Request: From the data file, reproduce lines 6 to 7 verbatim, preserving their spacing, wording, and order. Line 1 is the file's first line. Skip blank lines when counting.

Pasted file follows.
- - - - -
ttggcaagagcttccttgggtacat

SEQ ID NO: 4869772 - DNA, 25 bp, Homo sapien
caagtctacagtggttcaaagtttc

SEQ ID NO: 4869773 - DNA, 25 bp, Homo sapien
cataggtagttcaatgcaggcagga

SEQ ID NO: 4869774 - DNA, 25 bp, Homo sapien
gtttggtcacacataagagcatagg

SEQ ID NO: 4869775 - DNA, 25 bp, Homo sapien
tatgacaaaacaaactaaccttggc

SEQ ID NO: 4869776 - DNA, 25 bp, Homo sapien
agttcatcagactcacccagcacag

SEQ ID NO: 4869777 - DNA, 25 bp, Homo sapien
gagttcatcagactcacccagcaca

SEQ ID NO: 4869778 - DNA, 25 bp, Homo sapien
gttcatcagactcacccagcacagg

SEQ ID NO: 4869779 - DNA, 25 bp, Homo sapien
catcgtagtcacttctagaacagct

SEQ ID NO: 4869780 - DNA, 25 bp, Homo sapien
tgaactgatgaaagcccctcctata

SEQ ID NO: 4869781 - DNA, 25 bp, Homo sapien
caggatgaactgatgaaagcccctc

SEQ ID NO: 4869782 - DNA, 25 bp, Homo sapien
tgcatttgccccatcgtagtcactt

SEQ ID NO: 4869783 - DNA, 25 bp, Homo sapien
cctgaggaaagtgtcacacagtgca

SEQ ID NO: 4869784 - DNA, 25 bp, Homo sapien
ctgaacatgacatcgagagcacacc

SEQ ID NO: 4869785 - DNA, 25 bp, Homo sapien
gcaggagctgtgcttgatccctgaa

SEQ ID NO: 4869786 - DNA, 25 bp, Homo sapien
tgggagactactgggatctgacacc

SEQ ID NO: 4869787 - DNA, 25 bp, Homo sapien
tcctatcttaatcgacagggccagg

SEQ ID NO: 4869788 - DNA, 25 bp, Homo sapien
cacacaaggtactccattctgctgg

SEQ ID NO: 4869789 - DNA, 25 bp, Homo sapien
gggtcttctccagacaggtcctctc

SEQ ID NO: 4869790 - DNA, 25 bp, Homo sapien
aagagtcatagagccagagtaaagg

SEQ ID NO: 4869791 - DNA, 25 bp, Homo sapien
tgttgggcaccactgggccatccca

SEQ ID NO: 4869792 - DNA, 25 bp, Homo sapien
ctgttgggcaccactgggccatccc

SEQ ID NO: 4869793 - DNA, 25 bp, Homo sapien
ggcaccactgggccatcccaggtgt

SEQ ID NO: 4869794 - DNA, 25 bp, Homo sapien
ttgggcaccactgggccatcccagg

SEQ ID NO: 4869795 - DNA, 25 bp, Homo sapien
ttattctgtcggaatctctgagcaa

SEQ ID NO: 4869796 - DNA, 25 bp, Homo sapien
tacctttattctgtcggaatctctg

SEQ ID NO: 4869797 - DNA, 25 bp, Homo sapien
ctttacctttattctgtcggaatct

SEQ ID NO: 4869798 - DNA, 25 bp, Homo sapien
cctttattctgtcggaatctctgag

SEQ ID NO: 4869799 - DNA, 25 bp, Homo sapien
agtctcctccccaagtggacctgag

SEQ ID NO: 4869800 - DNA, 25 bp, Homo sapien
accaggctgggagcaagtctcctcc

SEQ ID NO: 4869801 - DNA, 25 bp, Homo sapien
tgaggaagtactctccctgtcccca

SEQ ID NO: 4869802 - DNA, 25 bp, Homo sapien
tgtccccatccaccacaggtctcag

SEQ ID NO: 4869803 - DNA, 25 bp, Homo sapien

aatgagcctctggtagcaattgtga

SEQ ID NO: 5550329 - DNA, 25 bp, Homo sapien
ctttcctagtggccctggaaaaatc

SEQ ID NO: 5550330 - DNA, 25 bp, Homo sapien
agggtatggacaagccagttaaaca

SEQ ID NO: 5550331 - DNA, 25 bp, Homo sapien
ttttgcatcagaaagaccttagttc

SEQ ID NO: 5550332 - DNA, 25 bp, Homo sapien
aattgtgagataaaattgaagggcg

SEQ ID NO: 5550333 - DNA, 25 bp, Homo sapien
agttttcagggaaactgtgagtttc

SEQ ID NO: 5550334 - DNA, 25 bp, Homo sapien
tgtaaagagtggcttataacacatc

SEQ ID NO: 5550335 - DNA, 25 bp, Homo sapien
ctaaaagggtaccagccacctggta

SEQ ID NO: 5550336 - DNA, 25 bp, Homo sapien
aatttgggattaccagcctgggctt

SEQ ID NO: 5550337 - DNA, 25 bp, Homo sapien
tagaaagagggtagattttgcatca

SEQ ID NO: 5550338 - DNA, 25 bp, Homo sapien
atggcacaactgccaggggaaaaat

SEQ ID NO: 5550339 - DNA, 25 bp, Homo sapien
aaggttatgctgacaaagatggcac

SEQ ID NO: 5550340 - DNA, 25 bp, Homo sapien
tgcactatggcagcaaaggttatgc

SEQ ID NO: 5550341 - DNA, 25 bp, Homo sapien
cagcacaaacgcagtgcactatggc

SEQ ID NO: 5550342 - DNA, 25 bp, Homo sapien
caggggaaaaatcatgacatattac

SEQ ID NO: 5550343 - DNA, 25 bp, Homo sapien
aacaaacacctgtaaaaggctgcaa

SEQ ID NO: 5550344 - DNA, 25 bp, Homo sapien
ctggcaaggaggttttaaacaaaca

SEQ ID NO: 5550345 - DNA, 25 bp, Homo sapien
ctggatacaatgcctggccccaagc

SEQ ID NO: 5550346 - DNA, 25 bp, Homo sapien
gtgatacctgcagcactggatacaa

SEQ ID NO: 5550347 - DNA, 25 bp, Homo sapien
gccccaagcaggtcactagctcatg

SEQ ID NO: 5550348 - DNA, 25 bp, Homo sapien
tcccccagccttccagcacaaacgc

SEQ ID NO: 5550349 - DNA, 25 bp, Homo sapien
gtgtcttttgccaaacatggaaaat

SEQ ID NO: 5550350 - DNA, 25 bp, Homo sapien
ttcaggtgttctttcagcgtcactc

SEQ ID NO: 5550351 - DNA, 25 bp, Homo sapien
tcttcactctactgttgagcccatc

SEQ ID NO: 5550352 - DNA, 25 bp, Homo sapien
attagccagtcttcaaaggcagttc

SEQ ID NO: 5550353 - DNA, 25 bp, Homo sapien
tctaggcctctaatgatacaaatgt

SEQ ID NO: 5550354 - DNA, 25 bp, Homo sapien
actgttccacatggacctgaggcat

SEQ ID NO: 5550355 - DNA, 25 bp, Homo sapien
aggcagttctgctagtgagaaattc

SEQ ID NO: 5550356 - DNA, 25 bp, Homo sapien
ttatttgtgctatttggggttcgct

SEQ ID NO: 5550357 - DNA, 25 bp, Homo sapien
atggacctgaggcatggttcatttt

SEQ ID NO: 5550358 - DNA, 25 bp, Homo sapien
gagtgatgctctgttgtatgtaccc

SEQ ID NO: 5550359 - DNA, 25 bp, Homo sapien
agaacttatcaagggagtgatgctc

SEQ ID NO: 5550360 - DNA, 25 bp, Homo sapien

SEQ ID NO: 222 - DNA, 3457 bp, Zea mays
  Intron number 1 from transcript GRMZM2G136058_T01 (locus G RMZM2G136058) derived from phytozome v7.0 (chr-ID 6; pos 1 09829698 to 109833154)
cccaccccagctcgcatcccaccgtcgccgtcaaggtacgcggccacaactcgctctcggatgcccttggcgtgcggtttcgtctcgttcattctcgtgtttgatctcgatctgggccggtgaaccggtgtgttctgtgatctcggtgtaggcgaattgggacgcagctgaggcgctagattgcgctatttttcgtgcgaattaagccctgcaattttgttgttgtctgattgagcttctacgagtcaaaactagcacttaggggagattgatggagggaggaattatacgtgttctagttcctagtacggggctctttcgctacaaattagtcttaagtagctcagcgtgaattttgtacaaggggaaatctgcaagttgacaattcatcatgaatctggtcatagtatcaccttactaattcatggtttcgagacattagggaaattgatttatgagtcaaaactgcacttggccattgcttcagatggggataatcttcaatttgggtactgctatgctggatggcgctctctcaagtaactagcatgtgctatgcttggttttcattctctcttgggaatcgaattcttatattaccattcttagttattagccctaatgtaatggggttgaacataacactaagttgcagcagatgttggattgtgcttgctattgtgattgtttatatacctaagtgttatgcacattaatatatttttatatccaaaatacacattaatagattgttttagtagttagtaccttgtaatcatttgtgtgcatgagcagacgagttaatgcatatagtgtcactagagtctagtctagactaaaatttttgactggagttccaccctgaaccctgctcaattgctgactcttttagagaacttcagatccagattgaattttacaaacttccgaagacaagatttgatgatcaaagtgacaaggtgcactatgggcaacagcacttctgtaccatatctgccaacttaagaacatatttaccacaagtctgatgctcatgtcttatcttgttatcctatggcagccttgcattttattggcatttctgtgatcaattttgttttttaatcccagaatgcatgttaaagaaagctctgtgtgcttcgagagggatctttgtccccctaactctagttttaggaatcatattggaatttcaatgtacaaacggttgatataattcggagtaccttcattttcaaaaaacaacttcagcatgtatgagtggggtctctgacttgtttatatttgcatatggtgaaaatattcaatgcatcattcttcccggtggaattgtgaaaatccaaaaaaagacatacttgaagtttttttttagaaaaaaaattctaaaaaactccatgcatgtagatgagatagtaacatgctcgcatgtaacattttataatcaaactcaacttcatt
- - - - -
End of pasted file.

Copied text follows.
SEQ ID NO: 4869774 - DNA, 25 bp, Homo sapien
gtttggtcacacataagagcatagg